Priestley: John Boynton: Three Men in New Suits (1945)
Certainly not a well known piece of literature, but according to Bruckner Journal Editor, Ken Ward, Priestley makes a strong case for Bruckner, Mahler and Elgar in this book. That alone may make this a good read! However, this is what I found on page 83:
"It was Friday evening, about half-past six. Alan Strete Jr and his sister, Diana, had the old nursery to themselves. Everything was happening at once outside: bright shafts of sunlight and slashes of rain, black cloud here and blue sky there, and a rainbow or two; like a brilliant watercolour of the great period. Inside it was dingy but familiar and cosy. Always when they had talked, Diana had made herself as small as possible, folding and bunching herself in the old leather chair, and Alan had made himself as large as possible, stretched out and sprawling across the lop-sided settee; and that is how they were now. Alan was smoking a long pipe that had a foul reek and made an irritating bubbling sound. It was all like years ago, which alternately hurt and comforted Diana."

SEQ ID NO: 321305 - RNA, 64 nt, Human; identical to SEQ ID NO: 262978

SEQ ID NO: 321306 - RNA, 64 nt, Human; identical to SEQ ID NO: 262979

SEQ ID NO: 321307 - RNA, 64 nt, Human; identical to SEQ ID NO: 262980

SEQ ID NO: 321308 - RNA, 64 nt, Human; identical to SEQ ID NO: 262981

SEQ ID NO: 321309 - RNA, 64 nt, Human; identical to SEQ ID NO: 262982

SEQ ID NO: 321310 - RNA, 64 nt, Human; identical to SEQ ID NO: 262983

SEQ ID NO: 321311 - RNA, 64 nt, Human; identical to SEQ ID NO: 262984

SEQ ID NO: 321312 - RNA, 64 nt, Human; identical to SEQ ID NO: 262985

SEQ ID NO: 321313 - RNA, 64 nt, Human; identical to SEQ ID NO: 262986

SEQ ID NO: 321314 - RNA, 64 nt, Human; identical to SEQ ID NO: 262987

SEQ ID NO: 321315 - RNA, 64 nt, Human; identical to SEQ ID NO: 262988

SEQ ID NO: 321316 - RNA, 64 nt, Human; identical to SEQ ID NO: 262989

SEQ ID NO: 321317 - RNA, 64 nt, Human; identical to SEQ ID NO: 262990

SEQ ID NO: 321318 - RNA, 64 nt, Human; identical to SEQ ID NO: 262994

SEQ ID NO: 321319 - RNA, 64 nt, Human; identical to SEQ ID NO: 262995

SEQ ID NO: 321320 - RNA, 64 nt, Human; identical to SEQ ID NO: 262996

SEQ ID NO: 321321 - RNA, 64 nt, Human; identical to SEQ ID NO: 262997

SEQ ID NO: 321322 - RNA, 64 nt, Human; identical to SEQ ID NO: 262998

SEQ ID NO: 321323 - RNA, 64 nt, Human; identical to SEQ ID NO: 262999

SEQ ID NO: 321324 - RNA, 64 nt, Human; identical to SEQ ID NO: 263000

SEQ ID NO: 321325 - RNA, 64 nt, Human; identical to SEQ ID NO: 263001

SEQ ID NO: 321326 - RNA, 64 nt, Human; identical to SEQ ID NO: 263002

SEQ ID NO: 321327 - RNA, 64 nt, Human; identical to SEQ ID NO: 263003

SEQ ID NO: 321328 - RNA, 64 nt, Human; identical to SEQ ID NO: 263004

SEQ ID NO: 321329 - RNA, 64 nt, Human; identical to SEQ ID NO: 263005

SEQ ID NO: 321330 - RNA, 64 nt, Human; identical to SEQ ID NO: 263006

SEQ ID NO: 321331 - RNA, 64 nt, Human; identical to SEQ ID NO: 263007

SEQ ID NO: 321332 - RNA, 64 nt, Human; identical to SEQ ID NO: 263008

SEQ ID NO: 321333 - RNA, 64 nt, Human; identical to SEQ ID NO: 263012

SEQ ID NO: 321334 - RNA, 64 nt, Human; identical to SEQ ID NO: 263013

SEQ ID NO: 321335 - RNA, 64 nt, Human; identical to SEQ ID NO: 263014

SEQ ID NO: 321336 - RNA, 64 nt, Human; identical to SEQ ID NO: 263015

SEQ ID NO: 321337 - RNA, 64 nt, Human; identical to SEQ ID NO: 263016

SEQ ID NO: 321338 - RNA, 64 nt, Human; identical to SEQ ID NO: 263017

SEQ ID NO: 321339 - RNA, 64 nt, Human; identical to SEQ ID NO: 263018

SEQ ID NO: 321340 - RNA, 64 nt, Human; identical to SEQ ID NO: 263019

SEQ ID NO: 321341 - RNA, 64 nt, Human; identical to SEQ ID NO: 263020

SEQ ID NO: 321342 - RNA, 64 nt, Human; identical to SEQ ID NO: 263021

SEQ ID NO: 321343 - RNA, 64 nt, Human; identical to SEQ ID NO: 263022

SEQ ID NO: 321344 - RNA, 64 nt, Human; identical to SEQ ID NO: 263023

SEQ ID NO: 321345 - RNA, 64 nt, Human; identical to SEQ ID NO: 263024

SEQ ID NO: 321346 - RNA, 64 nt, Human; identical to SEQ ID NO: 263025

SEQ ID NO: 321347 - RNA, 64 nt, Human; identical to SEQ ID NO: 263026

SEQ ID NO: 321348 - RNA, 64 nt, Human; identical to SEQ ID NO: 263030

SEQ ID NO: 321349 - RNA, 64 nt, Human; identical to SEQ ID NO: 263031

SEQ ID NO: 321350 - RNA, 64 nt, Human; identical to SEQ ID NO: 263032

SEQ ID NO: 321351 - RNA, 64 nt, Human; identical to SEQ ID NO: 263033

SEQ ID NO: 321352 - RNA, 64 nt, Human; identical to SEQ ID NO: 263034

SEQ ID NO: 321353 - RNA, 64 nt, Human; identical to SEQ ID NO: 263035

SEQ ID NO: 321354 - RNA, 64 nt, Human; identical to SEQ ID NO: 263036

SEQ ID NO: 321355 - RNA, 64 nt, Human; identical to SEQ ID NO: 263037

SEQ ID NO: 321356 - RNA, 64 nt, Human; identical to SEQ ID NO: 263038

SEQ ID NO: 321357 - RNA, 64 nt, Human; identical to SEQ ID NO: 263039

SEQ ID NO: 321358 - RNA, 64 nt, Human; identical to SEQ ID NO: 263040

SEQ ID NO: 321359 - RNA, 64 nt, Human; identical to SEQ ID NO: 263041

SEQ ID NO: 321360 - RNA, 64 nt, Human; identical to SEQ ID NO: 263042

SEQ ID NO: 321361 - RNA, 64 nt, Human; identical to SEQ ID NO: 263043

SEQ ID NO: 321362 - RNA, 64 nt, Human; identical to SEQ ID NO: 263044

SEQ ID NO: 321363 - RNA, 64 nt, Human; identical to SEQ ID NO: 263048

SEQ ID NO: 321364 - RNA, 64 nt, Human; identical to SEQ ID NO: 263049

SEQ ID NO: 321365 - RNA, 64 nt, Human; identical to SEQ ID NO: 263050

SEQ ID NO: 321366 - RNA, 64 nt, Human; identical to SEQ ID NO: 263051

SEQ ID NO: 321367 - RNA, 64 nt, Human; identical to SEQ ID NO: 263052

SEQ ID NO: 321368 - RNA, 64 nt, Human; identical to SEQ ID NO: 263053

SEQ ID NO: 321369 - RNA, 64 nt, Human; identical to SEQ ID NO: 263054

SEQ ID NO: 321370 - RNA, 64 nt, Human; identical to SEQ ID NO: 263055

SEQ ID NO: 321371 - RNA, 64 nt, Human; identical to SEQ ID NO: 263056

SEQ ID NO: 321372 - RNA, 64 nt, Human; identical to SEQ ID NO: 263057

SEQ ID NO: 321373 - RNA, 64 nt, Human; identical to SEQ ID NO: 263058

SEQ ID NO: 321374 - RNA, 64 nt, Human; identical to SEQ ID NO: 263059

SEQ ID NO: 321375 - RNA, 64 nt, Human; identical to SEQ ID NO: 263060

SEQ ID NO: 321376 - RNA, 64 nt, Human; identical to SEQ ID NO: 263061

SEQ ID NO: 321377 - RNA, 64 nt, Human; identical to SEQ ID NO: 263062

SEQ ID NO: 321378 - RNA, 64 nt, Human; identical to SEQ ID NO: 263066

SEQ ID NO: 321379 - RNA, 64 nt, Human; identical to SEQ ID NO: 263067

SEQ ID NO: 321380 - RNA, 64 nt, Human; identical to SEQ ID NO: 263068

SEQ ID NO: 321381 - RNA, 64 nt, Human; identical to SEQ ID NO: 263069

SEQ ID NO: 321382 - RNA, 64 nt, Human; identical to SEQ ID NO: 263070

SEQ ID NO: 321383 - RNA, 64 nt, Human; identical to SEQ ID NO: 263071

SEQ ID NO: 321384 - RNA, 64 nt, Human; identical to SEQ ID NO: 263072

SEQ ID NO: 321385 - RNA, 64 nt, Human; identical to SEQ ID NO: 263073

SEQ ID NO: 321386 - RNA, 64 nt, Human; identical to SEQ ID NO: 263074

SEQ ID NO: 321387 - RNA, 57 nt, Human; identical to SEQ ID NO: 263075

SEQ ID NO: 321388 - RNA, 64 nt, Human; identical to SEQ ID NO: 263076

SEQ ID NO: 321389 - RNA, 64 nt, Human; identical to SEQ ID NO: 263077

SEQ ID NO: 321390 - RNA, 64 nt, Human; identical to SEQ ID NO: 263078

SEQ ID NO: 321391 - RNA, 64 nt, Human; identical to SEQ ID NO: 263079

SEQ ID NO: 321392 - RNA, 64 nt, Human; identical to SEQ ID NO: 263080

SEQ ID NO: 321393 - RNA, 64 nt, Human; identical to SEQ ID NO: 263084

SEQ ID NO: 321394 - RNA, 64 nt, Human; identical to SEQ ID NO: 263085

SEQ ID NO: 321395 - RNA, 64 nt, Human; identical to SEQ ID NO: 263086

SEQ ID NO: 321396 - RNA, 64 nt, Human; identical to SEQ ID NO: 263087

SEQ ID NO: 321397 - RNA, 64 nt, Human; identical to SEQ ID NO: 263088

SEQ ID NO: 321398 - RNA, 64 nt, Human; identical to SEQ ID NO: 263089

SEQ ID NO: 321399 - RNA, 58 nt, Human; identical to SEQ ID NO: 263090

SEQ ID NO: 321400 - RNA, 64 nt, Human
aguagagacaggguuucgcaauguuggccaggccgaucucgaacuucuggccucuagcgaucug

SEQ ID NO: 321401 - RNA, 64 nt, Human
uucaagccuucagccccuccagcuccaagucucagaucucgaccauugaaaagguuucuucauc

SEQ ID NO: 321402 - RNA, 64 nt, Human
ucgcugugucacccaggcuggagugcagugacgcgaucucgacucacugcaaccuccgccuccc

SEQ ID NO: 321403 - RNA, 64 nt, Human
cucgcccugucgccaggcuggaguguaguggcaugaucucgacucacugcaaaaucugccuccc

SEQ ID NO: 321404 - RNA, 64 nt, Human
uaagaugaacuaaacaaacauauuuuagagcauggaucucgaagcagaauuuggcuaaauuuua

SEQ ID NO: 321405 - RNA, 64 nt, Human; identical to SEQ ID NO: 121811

"What's that thing that Uncle Rodney's playing now -I mean when we came down? That frightfully long, monotonous, mournful thing. Did you hear it?"
"Yes. Slow movement of Bruckner's Fourth Symphony," replied Alan, who knew about music. "Goes on and on and on. Like most of Bruckner."
"I loathe it. I wished he would stop playing it." ·
"You ought to ask him to," Alan said. "He probably would y'know."
For more information on the author, click here.